Obviously, it’s not the old signifiers, like bath butlers and pillow menus. Some people say scarcity—an experience few people can have. Some people say knowledge—insight that few people get to absorb. But my new favorite definition came to me during a recent stay at Companhia das Culturas, in southeastern Portugal, near the sea, the Ria Formosa Natural Park and the Spanish border.
The ultimate luxury is…nothing.
No noise, no interference with nature, no news, no phones, no TVs, no distractions. Calm. Simplicity. Tranquility. Life at its most elemental.
Luxury is also history—something that no amount of money can buy. The farmhouse has been in the family of co-owner Francisco Palma Dias for five generations. There are a public lounge and a private apartment in rooms that were once used as olive presses. The conventional ideas of luxury don’t apply, and yet, it’s the place where many of my most sophisticated Portuguese friends go for their holidays. (I recently visited as a guest of the hotel.)
Dias’s co-owner and wife, Eglantina Monteiro, is the creative mind behind the project. She has lived in France, England, Senegal and Brazil; is an anthropologist by training; and carries out the work of a curator who organizes objects and aesthetics from various cultures in her hotel. Their eco-tourism work was born out of a desire not to let family or cultural history slip away. She told me that her father used to say, “We are rich in ruins.”
Which is why, frankly, Companhia das Culturas is not all that much to look at. There are ruins. Nothing is manicured. The landscape is wild, all dirt trails and weeds, woodlands and orchards, shaped by the ocean wind and blazing sun. The six bedrooms, three suites, and seven apartments are blissful in their simplicity, making heavy use of organic materials such as wood and stone. The changing space in the spa is made of fabric from flour sacks and a bronze frame from farm equipment. (Monteiro is adamant that there be no shiny metals or chrome, only beautiful materials with a well-earned patina.)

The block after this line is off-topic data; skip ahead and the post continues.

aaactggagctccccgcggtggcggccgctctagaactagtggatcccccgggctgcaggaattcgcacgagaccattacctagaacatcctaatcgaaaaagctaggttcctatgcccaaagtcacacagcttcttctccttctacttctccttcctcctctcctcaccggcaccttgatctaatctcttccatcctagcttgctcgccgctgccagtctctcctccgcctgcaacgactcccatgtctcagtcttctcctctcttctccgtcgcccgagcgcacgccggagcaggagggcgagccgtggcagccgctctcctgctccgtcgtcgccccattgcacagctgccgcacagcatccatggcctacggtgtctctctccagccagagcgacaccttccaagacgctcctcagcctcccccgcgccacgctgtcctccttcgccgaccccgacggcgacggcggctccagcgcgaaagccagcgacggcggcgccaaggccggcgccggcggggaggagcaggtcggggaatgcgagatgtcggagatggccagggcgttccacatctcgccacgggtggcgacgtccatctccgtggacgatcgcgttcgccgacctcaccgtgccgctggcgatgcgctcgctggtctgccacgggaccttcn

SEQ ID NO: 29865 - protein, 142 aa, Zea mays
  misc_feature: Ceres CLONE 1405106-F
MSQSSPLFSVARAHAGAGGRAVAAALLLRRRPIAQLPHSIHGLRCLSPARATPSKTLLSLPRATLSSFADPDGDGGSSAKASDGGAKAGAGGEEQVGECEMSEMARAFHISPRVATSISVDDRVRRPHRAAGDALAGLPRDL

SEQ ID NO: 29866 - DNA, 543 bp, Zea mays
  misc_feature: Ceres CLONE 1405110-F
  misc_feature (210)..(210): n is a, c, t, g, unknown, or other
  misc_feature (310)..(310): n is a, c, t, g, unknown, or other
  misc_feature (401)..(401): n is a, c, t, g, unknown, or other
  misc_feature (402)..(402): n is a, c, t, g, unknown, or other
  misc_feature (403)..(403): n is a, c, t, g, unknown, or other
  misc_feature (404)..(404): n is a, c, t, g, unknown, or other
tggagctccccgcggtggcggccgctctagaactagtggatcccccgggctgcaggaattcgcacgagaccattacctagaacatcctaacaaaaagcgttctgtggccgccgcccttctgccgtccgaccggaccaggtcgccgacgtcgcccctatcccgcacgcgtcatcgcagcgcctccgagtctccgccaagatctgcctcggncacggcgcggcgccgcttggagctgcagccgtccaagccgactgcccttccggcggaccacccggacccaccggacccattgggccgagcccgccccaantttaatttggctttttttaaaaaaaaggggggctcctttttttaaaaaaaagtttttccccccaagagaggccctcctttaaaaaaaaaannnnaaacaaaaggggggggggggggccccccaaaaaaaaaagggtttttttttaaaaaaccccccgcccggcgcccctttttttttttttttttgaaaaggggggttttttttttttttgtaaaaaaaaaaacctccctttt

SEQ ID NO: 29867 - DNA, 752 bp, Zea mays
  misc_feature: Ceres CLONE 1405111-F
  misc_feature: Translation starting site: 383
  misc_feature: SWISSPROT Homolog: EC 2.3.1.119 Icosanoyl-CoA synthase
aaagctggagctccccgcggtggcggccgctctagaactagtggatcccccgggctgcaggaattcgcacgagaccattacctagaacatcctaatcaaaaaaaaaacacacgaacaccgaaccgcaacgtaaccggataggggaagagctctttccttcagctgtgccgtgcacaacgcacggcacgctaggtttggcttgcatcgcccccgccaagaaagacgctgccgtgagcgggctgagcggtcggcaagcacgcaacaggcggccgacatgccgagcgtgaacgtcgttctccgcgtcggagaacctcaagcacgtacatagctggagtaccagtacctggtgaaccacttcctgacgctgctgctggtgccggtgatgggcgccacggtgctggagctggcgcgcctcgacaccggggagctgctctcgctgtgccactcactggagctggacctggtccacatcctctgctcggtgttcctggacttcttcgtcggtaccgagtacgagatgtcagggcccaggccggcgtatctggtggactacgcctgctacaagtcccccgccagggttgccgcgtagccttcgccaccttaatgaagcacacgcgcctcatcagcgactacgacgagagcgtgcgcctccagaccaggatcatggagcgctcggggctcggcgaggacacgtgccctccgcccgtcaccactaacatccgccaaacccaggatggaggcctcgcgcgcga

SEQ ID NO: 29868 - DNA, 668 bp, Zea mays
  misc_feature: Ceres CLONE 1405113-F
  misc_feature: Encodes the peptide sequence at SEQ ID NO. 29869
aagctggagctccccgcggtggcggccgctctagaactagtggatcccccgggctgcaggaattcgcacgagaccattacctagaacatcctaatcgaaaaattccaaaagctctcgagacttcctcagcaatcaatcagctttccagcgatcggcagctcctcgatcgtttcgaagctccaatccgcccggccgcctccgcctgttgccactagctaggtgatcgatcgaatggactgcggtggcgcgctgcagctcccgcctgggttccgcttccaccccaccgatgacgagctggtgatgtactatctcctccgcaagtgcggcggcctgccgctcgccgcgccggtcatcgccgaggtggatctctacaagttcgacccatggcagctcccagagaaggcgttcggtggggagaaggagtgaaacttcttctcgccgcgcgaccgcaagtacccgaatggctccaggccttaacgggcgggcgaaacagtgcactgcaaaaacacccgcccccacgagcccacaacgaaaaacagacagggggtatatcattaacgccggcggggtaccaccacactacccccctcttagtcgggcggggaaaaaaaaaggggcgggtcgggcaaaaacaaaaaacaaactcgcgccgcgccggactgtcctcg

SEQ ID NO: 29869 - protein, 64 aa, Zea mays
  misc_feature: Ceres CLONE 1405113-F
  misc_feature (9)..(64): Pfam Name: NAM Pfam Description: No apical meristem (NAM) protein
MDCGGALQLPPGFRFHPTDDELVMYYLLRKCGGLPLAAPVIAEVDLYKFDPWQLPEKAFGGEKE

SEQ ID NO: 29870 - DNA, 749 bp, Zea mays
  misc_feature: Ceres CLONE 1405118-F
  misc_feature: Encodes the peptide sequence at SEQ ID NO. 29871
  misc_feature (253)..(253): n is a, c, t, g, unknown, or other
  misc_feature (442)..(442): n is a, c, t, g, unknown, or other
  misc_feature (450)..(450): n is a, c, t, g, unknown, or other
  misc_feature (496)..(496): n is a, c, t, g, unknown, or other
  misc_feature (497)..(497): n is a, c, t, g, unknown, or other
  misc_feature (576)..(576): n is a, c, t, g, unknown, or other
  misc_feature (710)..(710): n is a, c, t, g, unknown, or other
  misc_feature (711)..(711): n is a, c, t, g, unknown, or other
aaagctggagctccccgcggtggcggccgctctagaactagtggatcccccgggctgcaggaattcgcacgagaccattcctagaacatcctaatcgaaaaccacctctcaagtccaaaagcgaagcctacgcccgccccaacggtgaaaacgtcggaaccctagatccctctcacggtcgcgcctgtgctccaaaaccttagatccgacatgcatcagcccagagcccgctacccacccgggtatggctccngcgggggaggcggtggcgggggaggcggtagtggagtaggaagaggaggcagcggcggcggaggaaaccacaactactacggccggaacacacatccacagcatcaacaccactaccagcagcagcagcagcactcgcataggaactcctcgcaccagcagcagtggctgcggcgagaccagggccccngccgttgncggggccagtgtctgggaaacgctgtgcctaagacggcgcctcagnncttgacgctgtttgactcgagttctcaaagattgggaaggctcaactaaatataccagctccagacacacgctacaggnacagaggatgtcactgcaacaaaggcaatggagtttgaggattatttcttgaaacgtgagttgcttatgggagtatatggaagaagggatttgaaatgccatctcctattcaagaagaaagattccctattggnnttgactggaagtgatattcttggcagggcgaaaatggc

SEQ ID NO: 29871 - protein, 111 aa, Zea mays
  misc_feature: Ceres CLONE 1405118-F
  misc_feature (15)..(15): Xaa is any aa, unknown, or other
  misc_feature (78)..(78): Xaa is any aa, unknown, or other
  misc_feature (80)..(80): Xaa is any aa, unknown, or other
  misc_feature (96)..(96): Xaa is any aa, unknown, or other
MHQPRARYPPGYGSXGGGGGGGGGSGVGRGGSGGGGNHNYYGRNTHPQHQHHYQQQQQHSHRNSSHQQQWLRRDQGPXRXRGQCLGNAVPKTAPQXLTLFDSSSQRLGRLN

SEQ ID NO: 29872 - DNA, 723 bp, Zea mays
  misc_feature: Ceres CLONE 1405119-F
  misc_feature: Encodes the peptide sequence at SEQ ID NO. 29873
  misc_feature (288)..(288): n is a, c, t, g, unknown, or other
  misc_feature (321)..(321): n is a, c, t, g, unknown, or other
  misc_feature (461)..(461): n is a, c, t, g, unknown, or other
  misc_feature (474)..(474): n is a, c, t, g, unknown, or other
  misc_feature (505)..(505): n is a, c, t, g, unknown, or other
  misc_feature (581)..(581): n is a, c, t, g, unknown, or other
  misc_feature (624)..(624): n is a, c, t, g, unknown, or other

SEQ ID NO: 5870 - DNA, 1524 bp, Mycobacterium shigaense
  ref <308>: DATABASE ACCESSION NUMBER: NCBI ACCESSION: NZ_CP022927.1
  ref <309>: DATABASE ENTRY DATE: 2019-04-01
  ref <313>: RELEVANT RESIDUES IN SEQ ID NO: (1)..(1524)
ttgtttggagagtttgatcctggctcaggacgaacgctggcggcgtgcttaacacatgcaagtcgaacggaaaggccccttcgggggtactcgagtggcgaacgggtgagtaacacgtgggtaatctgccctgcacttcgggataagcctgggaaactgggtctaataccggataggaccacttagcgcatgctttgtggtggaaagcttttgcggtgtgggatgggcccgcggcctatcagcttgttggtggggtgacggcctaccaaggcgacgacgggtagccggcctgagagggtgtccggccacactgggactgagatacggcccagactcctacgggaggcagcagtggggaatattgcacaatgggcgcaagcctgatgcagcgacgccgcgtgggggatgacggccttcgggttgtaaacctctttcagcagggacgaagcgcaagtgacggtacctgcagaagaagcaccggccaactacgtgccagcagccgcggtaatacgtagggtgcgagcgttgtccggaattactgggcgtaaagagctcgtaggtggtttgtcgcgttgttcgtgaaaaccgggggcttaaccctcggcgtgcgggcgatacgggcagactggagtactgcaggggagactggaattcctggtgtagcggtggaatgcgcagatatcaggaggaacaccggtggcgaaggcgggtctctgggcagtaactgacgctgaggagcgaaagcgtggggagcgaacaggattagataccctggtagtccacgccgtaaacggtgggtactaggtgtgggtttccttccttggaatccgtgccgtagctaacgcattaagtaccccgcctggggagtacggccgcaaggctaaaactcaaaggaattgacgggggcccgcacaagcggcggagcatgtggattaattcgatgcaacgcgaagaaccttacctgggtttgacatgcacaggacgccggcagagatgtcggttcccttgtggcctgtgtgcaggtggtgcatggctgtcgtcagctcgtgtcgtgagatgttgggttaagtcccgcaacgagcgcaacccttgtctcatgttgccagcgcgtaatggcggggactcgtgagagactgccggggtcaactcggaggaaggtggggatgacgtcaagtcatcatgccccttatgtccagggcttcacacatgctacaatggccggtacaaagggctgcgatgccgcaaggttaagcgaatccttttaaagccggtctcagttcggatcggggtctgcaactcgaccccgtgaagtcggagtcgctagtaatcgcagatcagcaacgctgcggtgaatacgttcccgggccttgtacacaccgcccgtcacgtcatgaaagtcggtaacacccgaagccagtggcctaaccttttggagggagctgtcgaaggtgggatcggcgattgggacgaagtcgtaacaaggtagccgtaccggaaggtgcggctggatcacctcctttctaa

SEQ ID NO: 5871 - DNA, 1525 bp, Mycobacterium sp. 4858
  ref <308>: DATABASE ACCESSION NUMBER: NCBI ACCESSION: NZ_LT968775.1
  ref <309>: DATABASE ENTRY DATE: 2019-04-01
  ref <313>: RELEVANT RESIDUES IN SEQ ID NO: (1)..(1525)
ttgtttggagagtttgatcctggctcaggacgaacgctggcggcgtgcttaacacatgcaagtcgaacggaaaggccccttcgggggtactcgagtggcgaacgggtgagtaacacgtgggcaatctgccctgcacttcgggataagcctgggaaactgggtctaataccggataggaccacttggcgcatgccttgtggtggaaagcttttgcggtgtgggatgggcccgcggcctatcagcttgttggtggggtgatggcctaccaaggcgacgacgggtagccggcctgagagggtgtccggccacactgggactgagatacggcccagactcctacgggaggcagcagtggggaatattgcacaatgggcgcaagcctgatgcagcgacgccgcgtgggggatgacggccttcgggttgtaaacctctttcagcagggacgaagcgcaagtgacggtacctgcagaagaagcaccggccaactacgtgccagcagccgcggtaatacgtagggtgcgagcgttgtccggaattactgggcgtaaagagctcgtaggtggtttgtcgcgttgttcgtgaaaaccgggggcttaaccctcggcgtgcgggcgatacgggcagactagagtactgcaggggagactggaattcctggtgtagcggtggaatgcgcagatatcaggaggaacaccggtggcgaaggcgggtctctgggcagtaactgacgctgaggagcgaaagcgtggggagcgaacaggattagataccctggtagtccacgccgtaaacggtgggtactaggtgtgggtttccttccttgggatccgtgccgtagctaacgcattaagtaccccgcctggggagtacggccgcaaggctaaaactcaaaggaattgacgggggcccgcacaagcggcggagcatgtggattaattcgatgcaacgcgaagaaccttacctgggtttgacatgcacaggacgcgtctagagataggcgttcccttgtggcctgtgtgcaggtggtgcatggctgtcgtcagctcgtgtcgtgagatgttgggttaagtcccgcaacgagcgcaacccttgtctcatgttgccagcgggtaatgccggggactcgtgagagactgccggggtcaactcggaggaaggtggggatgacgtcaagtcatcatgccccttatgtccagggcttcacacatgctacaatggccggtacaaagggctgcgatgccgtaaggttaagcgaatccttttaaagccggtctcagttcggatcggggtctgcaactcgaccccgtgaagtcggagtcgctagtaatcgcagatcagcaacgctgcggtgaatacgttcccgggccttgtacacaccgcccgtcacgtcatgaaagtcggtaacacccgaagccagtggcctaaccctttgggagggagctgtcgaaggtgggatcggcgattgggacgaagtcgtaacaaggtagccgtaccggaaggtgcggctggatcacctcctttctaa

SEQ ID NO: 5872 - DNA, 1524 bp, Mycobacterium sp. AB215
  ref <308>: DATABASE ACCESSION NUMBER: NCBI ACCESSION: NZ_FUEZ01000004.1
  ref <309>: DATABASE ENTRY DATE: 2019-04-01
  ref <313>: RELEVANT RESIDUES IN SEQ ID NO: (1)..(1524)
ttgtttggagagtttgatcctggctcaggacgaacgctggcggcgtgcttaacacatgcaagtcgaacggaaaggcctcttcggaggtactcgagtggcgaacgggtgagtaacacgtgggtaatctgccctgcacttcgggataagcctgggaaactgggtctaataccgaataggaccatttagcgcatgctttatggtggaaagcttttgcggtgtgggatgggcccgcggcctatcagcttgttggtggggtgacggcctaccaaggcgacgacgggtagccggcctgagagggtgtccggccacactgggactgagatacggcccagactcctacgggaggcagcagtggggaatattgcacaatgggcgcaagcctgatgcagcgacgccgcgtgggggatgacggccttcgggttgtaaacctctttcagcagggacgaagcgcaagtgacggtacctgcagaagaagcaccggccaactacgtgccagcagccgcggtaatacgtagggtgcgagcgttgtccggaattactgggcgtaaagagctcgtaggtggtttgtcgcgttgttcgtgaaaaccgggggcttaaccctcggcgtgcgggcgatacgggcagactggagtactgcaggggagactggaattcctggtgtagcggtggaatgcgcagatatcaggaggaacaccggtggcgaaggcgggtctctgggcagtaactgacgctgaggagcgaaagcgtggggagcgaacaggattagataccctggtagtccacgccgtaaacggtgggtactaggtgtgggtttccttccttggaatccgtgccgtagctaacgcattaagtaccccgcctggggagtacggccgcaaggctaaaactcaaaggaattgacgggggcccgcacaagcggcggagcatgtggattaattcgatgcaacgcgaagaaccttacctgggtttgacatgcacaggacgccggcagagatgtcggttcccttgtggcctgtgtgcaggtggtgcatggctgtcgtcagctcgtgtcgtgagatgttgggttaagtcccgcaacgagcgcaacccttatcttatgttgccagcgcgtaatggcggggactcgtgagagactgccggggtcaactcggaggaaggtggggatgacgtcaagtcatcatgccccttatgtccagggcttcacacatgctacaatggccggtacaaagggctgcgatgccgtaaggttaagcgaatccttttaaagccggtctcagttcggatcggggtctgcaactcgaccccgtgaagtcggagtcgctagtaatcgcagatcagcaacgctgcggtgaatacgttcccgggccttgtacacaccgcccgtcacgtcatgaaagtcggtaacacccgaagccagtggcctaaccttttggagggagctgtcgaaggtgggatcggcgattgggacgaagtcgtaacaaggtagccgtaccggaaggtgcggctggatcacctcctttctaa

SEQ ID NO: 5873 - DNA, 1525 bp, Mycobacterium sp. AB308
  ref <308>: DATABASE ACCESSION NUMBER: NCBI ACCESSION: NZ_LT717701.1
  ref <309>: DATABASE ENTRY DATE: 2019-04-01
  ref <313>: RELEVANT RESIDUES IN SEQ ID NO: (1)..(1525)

Dias and Monteiro invited the architect Pedro Ressano Garcia—whose research focuses specifically on the traditional architecture of southern Portugal—to help them design what would become the Companhia das Culturas out of the remnants of old barns, stables, sheds and family living quarters. Now there is also a library with a particular emphasis on sustainability, a yoga room inside what is essentially a cork box (the former threshing machine garage), and an outdoor saltwater pool.
There’s also the most authentic hammam (Turkish bath) in the area, a reflection of the Algarve’s Moorish past, and Monteiro has just started collaborating with local essential oil producer Pharmaplant to make a deliciously herbal-scented line of organic bath amenities. And unsurprisingly the farm-to-table dining element plays a starring role (although the hotel was between chefs during my visit, so I only got to enjoy the decadent breakfast, with its fresh breads, fruits and cheeses).
So it makes sense that Monteiro compares Companhia das Culturas to the slow food movement. “This is a slow-motion project,” she says. “You can be in your room and have complete privacy. No one cares who you are. It’s like real food. This is a real place.”